Depreciation in Local Government - Still the Problems Continue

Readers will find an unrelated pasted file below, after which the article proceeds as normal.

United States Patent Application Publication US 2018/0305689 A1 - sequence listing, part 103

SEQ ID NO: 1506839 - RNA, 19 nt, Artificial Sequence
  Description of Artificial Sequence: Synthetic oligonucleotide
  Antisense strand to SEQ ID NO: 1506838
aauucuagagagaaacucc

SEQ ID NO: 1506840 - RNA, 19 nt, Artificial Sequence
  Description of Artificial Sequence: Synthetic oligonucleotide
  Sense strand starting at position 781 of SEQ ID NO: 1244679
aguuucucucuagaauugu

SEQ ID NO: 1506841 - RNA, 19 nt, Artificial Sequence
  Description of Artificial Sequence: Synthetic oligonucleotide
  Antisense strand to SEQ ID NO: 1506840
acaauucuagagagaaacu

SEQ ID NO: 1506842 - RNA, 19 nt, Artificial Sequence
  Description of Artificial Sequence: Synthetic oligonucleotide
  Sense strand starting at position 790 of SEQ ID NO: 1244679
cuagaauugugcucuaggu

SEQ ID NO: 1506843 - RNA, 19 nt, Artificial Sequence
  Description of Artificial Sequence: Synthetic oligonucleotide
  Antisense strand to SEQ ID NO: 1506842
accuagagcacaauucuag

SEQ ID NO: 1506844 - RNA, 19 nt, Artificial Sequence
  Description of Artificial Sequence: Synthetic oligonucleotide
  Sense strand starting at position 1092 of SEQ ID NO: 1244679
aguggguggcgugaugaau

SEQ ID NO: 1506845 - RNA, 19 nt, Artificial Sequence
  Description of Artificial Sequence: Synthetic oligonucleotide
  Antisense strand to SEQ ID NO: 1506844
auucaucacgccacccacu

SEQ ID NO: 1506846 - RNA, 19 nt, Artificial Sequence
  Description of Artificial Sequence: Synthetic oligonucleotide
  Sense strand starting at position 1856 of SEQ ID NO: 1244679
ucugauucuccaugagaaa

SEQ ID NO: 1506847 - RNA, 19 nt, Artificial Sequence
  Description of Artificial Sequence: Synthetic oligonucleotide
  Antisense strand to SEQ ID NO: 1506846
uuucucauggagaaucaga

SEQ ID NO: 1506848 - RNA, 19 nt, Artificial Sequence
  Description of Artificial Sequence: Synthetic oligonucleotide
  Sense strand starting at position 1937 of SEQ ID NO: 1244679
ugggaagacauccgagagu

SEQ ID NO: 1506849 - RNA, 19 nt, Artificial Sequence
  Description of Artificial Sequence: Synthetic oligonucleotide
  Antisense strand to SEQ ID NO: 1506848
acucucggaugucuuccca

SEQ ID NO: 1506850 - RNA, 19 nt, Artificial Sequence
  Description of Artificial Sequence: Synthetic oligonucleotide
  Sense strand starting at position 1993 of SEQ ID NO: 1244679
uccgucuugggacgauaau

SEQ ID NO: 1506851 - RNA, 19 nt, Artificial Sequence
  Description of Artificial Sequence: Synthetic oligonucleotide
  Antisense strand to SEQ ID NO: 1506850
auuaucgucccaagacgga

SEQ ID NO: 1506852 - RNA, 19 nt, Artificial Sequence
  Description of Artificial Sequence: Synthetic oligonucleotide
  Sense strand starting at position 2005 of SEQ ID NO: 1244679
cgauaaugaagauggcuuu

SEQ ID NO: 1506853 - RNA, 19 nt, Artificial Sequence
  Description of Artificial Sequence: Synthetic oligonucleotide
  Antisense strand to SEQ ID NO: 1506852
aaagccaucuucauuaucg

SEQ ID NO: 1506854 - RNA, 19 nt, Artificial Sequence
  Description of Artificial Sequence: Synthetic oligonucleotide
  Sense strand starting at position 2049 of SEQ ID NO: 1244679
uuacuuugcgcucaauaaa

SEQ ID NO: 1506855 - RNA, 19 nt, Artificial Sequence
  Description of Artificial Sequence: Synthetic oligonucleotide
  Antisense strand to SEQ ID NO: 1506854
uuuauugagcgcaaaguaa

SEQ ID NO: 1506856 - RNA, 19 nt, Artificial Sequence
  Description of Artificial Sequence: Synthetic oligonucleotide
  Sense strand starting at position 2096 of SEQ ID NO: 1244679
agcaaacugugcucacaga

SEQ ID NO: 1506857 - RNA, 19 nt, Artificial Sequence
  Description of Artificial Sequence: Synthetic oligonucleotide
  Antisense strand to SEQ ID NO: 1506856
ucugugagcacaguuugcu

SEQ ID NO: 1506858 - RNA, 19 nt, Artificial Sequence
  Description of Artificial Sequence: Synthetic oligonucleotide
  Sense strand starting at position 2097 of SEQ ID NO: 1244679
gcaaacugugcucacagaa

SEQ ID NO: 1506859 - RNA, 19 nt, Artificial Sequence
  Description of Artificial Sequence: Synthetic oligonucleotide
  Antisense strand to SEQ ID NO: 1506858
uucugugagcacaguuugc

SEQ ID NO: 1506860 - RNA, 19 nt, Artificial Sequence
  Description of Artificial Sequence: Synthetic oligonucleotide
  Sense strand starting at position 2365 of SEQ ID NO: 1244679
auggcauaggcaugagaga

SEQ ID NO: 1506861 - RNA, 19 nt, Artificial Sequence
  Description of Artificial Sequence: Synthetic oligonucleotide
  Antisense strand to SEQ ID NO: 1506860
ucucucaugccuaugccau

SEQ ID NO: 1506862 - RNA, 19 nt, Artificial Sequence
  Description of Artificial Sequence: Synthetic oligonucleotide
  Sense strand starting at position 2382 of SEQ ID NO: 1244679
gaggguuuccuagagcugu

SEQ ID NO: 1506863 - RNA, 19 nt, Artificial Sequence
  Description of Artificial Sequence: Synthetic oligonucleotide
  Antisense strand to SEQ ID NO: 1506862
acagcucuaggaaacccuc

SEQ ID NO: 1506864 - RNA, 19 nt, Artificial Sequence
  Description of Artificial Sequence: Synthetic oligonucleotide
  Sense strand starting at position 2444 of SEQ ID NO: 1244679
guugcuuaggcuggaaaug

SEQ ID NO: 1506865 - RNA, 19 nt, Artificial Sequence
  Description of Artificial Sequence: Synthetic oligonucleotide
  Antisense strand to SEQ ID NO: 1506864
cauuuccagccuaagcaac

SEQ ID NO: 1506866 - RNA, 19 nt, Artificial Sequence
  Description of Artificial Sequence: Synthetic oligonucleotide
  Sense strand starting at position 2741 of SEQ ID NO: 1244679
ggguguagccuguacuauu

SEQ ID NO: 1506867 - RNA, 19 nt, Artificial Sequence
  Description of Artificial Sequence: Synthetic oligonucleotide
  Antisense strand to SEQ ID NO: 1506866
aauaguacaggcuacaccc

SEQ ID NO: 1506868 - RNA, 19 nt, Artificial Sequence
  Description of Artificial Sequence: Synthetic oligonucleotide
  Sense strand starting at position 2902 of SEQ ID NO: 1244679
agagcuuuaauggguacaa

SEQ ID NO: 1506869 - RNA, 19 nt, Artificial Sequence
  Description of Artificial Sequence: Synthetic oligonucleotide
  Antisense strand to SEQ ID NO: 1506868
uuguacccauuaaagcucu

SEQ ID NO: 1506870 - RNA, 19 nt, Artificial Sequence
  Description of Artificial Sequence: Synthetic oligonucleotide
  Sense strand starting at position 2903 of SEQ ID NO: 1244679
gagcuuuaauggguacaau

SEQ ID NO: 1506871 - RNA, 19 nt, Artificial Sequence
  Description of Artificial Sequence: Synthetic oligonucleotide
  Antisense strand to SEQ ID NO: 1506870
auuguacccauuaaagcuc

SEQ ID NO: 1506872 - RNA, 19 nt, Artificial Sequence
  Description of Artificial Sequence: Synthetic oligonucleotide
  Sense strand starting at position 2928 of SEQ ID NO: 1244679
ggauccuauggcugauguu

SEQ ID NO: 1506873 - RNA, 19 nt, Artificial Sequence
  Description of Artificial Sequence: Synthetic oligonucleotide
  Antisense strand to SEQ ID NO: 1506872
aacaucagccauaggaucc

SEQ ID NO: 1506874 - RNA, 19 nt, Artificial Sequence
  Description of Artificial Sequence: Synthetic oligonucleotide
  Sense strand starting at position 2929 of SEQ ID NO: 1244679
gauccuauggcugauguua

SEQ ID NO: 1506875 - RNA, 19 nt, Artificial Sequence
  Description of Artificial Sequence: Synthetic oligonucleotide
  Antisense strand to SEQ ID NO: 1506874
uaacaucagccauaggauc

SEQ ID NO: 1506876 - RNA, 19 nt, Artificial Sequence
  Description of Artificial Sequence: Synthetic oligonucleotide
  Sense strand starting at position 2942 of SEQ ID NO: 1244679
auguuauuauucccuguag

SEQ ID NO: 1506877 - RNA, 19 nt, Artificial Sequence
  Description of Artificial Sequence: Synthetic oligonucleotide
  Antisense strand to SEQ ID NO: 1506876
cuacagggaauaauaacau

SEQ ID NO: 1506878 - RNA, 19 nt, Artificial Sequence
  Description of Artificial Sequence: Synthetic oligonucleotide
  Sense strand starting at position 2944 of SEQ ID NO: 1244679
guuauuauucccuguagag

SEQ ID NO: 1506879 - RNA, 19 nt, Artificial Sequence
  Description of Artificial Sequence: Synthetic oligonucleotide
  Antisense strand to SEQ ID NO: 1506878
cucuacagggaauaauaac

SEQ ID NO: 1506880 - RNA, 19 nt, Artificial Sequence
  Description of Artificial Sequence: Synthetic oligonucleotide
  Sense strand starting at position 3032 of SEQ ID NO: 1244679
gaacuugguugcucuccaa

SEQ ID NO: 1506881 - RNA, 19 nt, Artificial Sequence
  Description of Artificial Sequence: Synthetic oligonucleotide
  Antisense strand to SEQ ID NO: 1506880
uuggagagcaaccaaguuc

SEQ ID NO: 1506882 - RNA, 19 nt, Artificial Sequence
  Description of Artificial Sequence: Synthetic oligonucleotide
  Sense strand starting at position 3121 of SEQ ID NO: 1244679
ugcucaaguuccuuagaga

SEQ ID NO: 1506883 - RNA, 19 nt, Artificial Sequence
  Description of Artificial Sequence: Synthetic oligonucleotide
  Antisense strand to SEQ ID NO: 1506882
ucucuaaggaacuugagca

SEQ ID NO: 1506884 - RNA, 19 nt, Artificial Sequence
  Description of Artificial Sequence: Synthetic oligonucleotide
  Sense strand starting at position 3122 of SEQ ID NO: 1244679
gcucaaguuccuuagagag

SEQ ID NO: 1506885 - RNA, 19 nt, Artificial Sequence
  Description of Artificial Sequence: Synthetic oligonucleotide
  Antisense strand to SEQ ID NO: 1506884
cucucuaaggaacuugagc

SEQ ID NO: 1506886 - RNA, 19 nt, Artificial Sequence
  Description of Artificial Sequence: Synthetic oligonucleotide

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At least as far back as the 16th century, depreciation has been the subject of many debates within organisations, academia and the professional world. In 1912, Leake (cited in Brief 1967, p. 27) stated that 'because it closely concerns Profit and Loss, the subject of Depreciation and Wasting Assets is of universal importance ...'. In 2002, the then Australian Capital Territory (ACT) Deputy Chief Minister and Treasurer, Ted Quinlan (cited by Awty 2002, p. 40), asked: 'Is depreciation appropriate on all public assets or does it distort the true bottom line of the public sector ..?' In 2013, an asset manager from a NSW city council said 'I think the discussion [about depreciation] is worthwhile and an "old chestnut" that keeps rearing its ugly head …' (Accounting and Engineering (XAE) Public Forum, July 2013).2 Here are three people, 90 years apart, saying virtually the same thing confirming my belief that the depreciation discussion is, as Sterling (1975, p. 28) so succinctly said, a case of 'recycled ideas without resolving issues' observation. It appears that little, if anything, has changed when one considers the problems experienced world-wide concerning valuation, depreciation and maintenance of infrastructure assets (Barnes & Lord 2017; Marsh & Fischer 2013; Pryor 2013). This chapter details asset management and depreciation concerns as applied to transport infrastructure (concentrating on roads) in local government authorities (LGAs) in Australia and New Zealand (NZ). Some of the current and future issues include those raised in a discussion forum over a period of five years. These highlighted different aspects associated with asset management and depreciation that can be seen to still be causing many a headache for engineers and accountants alike. There are three aims for this particular chapter. The first outcome will be to bring to the attention of academics, once again, the problems associated with asset management and depreciation by examining the past, the present and the future. The second goal is to raise the various issues still in need of research and the final aim is to raise yet another question—can a 'recycled idea' like depreciation ever be resolved? This chapter is only the tip of the iceberg when it comes to the amount of research still to be undertaken.
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